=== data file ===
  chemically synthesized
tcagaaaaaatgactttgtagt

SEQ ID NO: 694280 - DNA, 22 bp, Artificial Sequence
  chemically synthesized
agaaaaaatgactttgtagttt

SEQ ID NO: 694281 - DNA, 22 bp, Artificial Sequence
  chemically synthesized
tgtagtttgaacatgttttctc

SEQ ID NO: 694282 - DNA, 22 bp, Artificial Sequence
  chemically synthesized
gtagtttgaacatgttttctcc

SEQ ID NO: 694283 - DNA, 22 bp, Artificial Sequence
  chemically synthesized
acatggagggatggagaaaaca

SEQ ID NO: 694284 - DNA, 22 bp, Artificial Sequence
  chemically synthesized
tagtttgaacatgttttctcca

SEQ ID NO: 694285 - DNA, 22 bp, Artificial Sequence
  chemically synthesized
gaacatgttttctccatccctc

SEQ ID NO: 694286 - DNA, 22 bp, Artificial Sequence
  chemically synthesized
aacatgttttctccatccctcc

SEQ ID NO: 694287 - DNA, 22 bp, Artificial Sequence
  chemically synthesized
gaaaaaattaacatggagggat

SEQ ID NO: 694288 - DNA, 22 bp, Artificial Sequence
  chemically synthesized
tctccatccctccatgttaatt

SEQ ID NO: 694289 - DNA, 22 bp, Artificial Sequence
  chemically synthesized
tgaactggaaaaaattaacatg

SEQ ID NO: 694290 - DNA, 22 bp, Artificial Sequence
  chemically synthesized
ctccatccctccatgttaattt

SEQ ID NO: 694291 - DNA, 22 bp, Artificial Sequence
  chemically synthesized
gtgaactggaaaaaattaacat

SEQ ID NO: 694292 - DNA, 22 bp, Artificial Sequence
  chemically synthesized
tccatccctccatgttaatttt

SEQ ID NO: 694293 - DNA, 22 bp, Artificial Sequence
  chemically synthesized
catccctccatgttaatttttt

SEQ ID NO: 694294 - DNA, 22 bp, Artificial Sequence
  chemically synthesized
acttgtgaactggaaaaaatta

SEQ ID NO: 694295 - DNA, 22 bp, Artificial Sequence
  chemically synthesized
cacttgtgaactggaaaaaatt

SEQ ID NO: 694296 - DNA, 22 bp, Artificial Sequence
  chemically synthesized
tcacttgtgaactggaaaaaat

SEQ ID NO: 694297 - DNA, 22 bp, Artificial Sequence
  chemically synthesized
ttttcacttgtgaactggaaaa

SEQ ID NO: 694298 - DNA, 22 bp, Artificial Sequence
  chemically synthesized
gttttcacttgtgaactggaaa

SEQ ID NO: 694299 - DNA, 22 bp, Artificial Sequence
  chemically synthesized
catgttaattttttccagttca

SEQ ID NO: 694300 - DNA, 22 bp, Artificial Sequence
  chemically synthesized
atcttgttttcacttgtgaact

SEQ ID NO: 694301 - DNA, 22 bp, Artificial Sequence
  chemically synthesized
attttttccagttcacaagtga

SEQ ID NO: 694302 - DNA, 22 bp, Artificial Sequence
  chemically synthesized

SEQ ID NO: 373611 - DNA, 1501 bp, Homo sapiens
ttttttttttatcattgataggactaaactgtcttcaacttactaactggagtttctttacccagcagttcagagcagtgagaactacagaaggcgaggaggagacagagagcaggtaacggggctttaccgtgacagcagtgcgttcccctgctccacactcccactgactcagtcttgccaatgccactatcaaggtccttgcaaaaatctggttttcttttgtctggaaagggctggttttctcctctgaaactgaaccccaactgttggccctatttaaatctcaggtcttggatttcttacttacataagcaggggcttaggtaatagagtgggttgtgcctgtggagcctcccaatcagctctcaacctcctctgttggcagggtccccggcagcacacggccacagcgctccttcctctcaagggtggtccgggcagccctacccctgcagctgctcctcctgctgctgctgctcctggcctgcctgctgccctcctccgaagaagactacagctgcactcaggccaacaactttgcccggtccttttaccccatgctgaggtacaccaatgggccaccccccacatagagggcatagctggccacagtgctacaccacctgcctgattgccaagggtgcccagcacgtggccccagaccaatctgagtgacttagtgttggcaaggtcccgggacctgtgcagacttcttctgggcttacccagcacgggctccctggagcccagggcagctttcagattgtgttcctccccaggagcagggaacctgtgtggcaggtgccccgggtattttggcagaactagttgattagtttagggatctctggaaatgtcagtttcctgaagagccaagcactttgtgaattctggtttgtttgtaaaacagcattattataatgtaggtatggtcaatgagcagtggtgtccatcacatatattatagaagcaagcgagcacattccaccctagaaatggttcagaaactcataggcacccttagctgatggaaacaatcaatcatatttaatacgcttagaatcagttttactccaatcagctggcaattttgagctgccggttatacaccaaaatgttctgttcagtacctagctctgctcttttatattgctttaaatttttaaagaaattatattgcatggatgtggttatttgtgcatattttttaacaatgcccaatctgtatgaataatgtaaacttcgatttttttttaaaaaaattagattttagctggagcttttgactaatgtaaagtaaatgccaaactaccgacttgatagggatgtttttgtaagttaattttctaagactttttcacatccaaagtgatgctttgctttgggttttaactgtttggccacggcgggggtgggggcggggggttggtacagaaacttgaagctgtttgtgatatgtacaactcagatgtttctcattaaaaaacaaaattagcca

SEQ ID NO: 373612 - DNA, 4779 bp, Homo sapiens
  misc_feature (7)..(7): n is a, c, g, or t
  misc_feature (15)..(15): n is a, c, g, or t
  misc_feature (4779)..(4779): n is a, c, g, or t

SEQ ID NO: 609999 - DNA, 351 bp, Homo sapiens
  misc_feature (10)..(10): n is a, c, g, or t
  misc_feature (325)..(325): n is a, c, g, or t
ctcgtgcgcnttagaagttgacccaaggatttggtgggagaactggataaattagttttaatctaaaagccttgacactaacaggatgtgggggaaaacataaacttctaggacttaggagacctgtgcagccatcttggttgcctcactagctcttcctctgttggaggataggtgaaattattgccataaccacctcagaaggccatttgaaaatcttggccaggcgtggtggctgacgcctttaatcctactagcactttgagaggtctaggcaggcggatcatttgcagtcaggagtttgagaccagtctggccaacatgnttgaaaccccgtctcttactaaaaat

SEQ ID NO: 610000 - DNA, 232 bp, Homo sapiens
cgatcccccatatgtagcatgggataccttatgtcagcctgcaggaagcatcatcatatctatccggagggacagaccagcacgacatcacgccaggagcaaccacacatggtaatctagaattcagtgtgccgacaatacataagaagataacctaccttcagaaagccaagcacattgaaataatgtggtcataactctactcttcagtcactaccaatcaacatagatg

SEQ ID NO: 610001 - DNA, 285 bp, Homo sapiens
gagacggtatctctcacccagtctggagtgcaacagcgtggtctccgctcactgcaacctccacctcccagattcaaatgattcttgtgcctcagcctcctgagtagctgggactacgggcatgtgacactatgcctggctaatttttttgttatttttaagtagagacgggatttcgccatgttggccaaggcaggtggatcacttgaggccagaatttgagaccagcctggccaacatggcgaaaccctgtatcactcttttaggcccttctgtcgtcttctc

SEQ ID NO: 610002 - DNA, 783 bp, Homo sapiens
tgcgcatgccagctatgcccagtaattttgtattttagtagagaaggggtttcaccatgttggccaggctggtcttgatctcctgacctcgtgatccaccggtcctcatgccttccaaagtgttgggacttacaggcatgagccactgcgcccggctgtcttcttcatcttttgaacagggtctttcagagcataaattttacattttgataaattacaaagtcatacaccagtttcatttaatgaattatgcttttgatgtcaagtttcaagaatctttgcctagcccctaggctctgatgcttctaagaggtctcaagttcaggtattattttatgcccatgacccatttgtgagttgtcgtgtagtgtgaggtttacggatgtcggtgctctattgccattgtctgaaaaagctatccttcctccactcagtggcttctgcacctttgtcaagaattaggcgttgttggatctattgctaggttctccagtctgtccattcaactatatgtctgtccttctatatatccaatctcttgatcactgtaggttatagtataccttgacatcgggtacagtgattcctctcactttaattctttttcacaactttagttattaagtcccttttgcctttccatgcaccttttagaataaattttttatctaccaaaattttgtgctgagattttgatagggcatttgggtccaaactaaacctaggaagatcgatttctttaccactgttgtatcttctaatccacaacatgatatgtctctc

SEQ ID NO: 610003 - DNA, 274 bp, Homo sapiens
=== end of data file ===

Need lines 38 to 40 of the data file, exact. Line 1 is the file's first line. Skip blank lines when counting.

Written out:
gtgaactggaaaaaattaacat

SEQ ID NO: 694292 - DNA, 22 bp, Artificial Sequence
  chemically synthesized